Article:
McGuire on Media

Disclosure needs to be THE First Amendment battleground for journalists


The American Society of News Editors has had another busy week advocating for the First Amendment. It’s supported a decision in a Colorado Open Records case and it has urged member papers to write editorials advocating for a Federal Shield law.

In these days of fading influence for everything mainstream media I am pleased that it appears ASNE will fight for the First Amendment until its last breath.  And, everybody who cares about the First Amendment does need to fight because it appears a lot of people just don”t get it.

The inanity of Dr. Laura’s statement that she wants to “regain” her constitutional right to freedom of speech and the subsequent ludicrous Twitter support from Sarah Palin of the notion that Dr.Laura’s constitutional rights were infringed, should frighten all of us.  As a host of commentators have pointed out here and here, Dr. Laura’s First Amendment rights worked just fine. She exercised her right to say something phenomenally stupid and her advertisers exercised their right to consider pulling their ads. The First Amendment worked like a charm!

But this very same confusion over the First Amendment presents a far more insidious problem that freedom speech advocates and journalists need to defend at all costs; disclosure of campaign contributions. Last Friday a group of supporters of Tom Emmer, GOP candidate for governor in Minnesota, filed for an injunction to invalidate a Minnesota law that required Target Corp. to disclose its contribution to Emmer’s campaign.  The Minneapolis Star Tribune reported last week that “At the heart of the dispute is a law passed this year by the Legislature requiring reports on corporate spending for or against candidates. The law requires two reports to be filed before the primary and two more before the general election.”

That donation has caused incredible public relations problems for Target because gay organizations have protested that Emmer is anti-gay. Finally, Target CEO Gregg Steinhafel apologized to Target employees for the donation. While it does not appear Target’s troubles are over you can argue that once again the First Amendment worked. Target made a legal donation to a PAC, it was disclosed and customers and employees went nuts. Again it’s the marketplace of ideas, protected by the First Amendment that worked so well.

But here’s the rub or the two rubs. First rub. That suit last Friday  represents a serious threat to all disclosure of campaigns contributions everywhere. We can debate all day whether PAC money is good for politics. My opinions of that, matter none. What does matter is that we as a society operate in the sunshine.  Target can spend its money, (yes, arguably it’s customer’s money) anyway they want, though I suspect Mr. Steinhafel has some serious ‘splainin’ to do. He has been forced to explain because the contributions were open and transparent by law. That law has guaranteed free speech and debate about the propriety of those donations. God love America.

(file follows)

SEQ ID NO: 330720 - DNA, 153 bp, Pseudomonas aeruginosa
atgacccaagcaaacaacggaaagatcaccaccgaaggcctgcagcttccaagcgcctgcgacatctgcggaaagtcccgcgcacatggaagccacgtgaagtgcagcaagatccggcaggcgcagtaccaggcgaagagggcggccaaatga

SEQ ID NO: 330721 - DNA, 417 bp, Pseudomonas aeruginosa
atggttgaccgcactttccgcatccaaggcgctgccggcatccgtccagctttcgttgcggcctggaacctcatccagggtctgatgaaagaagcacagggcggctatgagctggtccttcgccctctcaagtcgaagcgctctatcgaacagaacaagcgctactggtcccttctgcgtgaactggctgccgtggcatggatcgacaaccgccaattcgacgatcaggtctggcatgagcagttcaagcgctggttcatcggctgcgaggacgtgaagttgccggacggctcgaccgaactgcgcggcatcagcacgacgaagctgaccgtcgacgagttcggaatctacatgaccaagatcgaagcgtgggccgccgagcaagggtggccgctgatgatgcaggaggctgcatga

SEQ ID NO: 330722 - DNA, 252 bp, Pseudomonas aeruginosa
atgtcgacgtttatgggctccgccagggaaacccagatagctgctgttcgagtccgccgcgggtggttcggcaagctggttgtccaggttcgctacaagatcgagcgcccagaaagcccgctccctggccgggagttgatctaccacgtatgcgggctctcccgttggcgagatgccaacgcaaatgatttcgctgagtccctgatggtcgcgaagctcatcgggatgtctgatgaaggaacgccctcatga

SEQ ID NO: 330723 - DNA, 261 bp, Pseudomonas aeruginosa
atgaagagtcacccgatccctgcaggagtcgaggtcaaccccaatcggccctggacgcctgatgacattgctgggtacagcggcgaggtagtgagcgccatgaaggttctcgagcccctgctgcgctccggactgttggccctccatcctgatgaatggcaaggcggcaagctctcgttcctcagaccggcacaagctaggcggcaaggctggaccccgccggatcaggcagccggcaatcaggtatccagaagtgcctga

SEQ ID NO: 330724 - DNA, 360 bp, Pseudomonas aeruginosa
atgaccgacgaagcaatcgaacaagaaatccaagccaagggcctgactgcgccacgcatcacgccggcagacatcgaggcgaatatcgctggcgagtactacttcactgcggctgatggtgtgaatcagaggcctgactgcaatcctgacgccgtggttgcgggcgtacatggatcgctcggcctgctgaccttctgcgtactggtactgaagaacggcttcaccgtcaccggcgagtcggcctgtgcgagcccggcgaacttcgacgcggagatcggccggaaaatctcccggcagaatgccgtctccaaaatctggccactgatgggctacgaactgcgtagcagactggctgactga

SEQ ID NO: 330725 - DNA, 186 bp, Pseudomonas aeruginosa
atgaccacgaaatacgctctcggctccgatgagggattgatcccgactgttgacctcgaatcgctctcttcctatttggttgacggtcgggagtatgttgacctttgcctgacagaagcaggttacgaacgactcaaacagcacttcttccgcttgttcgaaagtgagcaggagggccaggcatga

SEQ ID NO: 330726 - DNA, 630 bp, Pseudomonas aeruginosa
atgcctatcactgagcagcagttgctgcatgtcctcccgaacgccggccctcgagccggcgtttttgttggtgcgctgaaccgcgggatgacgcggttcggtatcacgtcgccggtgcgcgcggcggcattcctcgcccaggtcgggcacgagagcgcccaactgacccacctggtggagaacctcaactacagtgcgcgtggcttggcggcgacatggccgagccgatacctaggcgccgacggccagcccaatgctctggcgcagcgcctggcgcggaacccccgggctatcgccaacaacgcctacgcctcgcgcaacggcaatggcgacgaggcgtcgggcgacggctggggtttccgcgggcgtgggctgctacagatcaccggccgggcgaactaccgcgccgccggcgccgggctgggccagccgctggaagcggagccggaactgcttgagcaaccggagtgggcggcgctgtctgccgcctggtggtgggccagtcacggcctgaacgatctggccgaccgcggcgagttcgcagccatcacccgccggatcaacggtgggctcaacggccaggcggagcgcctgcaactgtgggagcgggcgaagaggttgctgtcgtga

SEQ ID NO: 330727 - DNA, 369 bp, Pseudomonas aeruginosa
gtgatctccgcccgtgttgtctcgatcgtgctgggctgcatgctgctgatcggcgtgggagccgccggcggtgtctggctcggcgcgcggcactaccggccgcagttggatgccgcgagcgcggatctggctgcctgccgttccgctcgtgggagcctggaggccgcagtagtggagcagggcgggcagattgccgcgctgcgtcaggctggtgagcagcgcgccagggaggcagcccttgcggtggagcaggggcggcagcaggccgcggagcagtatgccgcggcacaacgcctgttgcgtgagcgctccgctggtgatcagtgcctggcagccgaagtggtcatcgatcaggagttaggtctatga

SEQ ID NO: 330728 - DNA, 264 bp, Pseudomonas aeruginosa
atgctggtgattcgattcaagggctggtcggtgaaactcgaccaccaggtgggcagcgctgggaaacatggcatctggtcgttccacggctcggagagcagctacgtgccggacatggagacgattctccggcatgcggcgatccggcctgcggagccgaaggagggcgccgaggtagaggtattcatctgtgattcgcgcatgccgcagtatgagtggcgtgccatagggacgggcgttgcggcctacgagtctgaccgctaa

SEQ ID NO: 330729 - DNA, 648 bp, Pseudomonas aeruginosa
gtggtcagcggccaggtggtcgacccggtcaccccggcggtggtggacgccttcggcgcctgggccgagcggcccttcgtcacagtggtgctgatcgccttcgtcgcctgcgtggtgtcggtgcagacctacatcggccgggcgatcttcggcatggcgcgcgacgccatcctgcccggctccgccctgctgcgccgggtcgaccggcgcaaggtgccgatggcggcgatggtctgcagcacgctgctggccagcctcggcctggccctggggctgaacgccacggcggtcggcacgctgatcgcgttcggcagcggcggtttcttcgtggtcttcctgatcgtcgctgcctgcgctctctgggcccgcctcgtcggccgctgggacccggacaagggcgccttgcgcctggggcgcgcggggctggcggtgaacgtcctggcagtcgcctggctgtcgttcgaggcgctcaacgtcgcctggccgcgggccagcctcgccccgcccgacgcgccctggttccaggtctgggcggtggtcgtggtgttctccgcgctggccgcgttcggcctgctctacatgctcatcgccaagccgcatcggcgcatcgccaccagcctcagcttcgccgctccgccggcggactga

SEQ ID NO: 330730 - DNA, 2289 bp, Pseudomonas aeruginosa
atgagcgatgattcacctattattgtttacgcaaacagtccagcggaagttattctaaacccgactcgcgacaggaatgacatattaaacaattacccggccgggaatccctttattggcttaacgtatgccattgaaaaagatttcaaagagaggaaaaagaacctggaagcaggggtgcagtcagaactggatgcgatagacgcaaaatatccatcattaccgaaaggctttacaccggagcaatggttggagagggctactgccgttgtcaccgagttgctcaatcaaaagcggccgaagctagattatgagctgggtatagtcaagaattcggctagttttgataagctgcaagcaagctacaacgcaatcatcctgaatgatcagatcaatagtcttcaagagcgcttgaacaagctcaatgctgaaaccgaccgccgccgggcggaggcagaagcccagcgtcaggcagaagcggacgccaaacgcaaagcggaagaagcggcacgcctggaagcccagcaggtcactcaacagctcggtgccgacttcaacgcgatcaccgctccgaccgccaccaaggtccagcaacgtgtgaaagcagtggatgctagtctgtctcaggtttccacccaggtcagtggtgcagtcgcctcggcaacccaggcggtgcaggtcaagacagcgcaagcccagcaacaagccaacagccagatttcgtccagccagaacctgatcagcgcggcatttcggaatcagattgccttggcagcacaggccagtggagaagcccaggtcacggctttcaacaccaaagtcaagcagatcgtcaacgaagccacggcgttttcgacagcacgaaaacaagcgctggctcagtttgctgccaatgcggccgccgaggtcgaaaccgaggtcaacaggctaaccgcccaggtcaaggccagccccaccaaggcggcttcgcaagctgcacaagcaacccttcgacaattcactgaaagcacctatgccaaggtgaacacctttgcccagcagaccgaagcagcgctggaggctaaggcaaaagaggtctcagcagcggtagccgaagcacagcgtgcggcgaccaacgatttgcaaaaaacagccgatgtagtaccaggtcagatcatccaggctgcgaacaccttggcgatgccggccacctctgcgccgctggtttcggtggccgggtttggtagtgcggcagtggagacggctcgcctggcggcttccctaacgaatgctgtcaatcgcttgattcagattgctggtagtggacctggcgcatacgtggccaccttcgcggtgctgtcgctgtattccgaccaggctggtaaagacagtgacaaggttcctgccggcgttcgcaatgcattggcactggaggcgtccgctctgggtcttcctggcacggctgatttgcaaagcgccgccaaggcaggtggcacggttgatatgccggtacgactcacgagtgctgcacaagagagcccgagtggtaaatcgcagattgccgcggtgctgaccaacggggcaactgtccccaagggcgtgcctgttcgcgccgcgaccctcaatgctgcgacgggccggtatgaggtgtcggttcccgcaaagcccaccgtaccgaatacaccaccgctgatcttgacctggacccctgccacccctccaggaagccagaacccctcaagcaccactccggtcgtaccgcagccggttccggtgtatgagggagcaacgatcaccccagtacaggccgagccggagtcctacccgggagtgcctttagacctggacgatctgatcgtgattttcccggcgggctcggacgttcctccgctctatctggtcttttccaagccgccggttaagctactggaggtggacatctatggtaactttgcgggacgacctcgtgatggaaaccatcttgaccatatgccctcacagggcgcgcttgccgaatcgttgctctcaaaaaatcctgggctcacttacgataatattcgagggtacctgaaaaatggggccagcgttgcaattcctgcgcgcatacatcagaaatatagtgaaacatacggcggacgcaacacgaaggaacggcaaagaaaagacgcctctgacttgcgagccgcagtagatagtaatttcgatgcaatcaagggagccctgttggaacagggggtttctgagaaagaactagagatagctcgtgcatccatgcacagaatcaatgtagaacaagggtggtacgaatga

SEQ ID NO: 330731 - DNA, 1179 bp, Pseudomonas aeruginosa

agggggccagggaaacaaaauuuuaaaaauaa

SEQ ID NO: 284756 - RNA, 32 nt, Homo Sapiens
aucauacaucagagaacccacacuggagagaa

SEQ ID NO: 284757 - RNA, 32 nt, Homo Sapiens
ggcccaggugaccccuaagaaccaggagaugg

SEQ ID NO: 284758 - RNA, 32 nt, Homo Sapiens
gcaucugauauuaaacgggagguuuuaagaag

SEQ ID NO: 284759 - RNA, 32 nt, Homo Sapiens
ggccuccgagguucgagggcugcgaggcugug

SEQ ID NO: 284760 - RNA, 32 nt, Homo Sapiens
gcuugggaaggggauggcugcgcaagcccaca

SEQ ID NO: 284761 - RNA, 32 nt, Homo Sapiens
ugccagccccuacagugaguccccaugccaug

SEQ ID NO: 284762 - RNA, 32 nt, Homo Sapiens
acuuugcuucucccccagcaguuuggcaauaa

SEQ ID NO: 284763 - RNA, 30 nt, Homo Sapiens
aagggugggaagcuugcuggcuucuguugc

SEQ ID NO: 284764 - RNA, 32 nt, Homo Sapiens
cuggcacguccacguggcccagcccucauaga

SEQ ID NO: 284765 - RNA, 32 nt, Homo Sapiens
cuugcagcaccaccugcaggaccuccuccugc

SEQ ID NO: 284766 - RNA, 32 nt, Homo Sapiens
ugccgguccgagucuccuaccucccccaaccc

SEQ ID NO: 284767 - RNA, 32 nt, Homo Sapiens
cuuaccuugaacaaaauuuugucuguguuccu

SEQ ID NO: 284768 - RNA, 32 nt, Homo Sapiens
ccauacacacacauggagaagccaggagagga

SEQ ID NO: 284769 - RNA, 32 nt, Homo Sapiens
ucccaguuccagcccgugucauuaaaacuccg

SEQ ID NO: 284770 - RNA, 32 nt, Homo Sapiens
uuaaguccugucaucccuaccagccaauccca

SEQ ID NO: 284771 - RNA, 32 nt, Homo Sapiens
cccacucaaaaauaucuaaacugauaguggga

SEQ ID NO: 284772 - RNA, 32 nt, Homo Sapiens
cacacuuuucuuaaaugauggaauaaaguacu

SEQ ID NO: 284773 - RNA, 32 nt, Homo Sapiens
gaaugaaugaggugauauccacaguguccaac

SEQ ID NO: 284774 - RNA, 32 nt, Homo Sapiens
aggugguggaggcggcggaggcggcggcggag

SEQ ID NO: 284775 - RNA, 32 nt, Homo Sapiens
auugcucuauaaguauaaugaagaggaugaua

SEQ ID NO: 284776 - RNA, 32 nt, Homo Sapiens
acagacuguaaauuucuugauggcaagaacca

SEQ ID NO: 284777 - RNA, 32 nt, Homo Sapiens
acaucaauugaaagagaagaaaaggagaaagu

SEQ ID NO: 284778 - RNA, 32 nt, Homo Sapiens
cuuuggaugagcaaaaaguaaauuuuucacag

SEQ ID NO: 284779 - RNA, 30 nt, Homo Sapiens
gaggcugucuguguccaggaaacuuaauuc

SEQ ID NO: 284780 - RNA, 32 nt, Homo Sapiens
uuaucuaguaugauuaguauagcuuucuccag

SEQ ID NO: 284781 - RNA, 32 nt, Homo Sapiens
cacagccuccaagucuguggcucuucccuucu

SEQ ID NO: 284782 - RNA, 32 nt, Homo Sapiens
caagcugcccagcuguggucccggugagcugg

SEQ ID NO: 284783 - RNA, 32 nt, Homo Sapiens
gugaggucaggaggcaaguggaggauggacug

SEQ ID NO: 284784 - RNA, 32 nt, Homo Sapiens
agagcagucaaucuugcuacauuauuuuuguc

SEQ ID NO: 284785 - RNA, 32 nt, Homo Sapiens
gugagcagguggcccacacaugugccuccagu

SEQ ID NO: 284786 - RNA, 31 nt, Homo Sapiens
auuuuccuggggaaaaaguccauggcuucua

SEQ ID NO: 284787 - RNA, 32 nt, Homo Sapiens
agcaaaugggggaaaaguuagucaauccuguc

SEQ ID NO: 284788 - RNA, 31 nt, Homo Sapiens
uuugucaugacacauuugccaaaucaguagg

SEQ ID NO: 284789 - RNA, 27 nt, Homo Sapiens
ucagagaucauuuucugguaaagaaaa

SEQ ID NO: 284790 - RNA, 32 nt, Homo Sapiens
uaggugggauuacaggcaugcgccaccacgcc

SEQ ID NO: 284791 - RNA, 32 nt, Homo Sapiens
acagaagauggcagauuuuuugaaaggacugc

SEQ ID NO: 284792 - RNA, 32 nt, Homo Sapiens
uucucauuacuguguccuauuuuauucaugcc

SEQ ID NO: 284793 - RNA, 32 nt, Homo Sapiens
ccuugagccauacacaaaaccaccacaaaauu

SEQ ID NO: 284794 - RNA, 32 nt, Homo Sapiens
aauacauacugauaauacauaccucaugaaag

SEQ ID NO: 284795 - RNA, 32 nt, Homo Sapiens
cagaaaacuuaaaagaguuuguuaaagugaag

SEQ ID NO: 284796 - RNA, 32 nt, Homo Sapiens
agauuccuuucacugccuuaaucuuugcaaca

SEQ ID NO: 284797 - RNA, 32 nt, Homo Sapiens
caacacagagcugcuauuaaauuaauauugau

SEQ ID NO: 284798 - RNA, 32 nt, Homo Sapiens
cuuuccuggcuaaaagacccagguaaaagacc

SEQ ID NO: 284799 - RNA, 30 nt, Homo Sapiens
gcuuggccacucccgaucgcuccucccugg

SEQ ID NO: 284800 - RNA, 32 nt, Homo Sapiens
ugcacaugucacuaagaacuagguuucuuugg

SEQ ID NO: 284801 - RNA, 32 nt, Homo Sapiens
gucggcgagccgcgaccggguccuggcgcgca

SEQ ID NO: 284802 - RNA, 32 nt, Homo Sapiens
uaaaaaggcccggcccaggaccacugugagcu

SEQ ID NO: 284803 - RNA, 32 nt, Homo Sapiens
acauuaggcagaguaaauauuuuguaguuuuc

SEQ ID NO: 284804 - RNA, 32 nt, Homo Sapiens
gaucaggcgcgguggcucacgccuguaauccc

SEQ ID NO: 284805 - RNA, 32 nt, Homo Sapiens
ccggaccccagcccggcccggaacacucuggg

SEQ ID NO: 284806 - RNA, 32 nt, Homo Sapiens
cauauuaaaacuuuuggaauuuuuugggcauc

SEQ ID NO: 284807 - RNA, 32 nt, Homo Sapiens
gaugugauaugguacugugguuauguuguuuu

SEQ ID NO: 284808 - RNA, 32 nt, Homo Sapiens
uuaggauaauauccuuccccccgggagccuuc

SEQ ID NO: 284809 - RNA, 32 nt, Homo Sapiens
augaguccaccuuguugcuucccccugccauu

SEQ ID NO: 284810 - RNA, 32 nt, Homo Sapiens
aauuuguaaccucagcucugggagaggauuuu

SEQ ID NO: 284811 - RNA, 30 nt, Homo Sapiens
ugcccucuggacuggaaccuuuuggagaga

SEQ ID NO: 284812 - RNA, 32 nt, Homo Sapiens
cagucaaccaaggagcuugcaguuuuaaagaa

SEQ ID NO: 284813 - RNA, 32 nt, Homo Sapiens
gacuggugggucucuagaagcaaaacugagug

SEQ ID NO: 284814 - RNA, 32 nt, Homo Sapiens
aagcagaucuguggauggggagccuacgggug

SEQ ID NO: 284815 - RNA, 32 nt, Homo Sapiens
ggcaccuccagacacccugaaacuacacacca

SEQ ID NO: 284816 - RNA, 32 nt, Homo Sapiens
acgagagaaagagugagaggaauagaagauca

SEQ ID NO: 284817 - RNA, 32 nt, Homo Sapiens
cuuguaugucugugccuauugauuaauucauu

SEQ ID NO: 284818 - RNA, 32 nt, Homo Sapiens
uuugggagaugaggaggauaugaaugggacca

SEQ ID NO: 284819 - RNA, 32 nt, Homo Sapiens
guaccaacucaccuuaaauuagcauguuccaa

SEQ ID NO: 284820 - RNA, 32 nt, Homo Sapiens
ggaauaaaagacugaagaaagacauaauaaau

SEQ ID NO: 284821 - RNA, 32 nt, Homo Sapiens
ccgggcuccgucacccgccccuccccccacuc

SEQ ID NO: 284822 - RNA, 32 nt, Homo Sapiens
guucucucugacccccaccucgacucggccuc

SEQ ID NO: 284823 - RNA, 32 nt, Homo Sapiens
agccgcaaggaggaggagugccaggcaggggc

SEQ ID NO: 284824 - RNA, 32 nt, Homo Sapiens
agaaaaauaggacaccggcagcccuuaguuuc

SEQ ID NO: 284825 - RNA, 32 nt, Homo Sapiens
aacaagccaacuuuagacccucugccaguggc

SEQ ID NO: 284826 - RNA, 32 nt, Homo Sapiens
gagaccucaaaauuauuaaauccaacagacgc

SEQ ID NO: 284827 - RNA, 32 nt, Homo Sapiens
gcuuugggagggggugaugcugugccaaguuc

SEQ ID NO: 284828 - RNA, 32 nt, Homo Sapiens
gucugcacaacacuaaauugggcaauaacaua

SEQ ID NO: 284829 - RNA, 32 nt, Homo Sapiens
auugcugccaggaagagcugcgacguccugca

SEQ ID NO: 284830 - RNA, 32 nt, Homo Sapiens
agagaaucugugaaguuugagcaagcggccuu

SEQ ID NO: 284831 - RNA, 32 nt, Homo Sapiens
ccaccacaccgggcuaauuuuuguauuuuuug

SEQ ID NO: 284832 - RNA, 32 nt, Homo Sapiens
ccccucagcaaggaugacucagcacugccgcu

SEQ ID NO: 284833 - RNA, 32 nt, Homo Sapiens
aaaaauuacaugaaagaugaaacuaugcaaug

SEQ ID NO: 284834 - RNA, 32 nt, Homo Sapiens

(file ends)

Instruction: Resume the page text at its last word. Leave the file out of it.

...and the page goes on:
Here’s the second rub. Not every state requires disclosure. Here in Arizona special defense funds can be set up to defend elected officials in legal cases and no disclosure is required. That means Arizonans won’t know to whom candidates like Governor Jan Brewer are beholden.

he background on all this is fairly recent. As this site tells us: “Target was reportedly able to make the donation because of the Supreme Court’s controversial Citizens United decision which greatly expanded corporations and unions’ ability to spend unlimited money on campaign advertising. The DISCLOSE Act, which would have brought greater transparency in such advertising, was blocked by Senate Republicans.”

There is some evidence that political involvement by corporations hurts them. Translated, that mean public accountability for corporation’s political behavior works. Accountability can be damned inconvenient as Steinhafel has found. That inconvenience, not any high-minded principle, is why the Republicans are blocking the DISCLOSE  act.

All First Amendment issues are important, but I argue that free speech advocates must take up the disclosure cudgel immediately.  The political process is already being kidnapped by polarizing partisans. We cannot allow that kidnapping to take place in the dark. The light must be shone on all PAC donations, liberal or conservative.  We need to lobby for every state to make all donations open and disclosed.  And, we need to lobby the Senate in favor of the DISCLOSE Act.

Finally, journalists need to carefully explain the impact of these anti-disclosure movements on our political process. They should not be portrayed as a political game. I cannot believe most Americans, no matter their political beliefs, want government to operate in the dark.